DST co-founder Yury Milner — whose house in the Valley, at a reported $100 million, is among the most expensive in America — now counts among the world’s most influential venture capitalists. He is bringing personal money to a number Californian startups like Airtime and DrChrono.
Furthermore, DST’s success abroad has spurred several Russian funds to followed its lead. The international high tech portfolio of VTB Capital, the venture arm of Russia’s second largest bank, now includes Returnil, an international provider of security solutions, Beau Laboratories, a 3D software developer, and AiHit, a UK based provider of corporate data to marketing companies.
Founded in 2010 with $300 million under management, Bright Capital is the venture arm of RU-COM, the Russian multifaceted group owned by Mikhail Abyzov. Focusing on clean tech, but also interested in medical and information technologies, the fund has invested mainly in the US and Western Europe. Among its recent operations was, in April of this year, a participation in the $45 million round of financing of Genomatica, an American chemical producer specializing in green, renewable chemicals for a variety of commercial applications.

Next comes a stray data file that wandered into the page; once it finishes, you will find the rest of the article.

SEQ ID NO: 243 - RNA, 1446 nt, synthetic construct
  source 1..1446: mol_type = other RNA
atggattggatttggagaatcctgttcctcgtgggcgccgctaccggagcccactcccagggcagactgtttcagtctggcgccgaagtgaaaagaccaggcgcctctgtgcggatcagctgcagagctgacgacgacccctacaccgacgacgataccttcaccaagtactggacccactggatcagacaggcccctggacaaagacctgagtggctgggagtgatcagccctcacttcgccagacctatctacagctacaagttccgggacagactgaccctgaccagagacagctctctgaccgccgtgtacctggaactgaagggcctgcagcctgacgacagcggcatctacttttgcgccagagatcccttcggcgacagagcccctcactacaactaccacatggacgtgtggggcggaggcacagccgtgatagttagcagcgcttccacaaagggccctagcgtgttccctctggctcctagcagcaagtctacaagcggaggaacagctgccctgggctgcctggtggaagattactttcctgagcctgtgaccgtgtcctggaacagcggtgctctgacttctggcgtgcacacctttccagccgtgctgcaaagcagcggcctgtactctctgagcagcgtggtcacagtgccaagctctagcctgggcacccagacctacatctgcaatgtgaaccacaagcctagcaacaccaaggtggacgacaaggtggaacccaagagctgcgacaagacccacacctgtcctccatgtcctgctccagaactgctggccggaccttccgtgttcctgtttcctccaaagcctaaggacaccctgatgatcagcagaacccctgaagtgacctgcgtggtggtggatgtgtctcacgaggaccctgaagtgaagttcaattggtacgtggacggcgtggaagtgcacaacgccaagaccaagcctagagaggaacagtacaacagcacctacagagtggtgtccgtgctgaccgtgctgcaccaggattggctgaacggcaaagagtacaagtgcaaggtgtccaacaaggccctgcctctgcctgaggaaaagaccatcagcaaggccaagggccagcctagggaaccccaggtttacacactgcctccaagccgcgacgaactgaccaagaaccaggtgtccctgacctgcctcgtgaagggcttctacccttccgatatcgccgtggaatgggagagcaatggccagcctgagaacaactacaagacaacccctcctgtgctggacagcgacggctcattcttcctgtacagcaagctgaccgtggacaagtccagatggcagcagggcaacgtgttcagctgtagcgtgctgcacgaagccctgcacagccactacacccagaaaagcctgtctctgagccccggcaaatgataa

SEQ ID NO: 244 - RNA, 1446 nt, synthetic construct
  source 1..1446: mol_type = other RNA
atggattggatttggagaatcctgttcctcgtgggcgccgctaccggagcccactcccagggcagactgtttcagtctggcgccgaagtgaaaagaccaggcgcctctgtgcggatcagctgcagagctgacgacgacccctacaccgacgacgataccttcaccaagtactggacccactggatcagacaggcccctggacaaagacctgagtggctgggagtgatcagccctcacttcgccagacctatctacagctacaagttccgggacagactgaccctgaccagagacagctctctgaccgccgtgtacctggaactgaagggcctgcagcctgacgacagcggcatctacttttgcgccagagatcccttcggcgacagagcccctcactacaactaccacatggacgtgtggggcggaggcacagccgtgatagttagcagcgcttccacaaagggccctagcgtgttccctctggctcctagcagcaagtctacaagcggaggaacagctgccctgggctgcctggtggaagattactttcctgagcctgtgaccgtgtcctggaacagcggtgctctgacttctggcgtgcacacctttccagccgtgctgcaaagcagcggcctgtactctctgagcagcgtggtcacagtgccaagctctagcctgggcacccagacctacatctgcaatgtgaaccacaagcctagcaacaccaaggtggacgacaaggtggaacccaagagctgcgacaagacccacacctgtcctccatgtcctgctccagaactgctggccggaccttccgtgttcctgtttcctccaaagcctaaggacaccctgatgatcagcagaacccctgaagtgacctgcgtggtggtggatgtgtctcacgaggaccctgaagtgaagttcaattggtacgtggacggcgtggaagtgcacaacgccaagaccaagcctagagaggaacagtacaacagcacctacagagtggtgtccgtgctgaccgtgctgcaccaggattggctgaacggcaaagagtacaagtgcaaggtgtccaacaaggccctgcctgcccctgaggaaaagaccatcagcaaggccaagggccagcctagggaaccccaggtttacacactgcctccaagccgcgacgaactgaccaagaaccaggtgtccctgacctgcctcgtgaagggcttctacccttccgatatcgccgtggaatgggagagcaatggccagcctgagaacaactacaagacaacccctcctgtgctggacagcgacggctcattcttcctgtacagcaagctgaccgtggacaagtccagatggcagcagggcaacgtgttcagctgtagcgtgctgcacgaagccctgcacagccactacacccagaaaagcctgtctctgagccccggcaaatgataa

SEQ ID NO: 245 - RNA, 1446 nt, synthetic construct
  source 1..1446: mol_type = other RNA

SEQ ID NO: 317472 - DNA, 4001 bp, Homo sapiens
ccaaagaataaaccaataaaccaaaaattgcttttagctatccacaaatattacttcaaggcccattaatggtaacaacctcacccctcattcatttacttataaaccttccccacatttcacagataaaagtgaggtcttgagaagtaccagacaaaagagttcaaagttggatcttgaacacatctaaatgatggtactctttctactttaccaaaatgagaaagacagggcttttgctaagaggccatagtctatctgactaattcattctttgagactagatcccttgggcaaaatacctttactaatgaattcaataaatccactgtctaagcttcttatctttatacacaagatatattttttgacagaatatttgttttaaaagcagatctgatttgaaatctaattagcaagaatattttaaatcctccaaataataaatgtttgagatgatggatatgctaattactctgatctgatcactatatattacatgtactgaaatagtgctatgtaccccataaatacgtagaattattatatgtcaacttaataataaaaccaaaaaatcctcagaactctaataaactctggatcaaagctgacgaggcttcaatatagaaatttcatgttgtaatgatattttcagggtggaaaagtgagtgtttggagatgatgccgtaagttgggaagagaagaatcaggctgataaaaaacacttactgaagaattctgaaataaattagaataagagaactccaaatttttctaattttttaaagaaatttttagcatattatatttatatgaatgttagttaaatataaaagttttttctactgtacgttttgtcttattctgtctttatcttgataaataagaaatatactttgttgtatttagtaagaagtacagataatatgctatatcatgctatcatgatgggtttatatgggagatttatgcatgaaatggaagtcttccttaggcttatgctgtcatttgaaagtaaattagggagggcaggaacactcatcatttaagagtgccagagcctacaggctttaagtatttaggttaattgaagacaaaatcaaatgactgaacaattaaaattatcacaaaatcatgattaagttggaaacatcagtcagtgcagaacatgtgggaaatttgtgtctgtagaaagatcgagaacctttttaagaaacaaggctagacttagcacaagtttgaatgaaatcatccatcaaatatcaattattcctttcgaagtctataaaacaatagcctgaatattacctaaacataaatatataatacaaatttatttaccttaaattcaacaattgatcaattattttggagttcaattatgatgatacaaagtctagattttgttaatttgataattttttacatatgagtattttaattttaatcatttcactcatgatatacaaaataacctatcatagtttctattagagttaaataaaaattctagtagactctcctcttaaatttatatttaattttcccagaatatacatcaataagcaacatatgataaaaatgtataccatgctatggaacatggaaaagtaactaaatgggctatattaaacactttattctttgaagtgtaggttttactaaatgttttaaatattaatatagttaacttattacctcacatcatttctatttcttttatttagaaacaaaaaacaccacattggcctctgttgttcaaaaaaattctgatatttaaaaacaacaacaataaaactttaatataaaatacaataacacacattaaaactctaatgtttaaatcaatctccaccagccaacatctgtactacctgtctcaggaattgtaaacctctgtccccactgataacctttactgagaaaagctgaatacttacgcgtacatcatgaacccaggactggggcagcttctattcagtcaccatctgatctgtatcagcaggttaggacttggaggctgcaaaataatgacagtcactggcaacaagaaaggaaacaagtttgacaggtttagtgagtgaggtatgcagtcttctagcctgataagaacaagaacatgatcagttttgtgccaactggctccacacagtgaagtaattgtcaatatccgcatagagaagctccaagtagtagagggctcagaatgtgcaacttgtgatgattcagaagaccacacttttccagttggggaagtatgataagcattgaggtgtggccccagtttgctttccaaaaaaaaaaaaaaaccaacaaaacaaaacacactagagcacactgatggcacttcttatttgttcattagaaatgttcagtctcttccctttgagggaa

Although initially focused on Russia, Moscow based venture fund Runa Capital – which manages $75 million in capital and share assets – also recently started to invest abroad. In October, Runa acquired a stake in BigTime, a US corporate software publisher. The investment was limited to a few hundred thousand dollars, but just three weeks later the fund announced its next investment in ThinkGrid, a UK headquartered global cloud company.
VTB Capital and Runa Capital are both currently eyeing a number of additional potential international targets.
Another Russian fund, iTech Capital, also has an international vision. It recently launched an ambitious Russian social gifting app on the Turkish version of Facebook.
Russian Venture Company, the Russian state owned fund of funds dedicated to innovation, invests abroad through Institutional Venture Partners XIII (IVP). This global later-stage venture fund was joined in 2010 by Russian Venture Capital II LP, an RVC subsidiary registered in the UK. RVC thus got involved in the financing of SugarInc., Shazam, Clearspring, Dropbox, and several other companies, providing the Russian state with an indirect participation in leading international web players.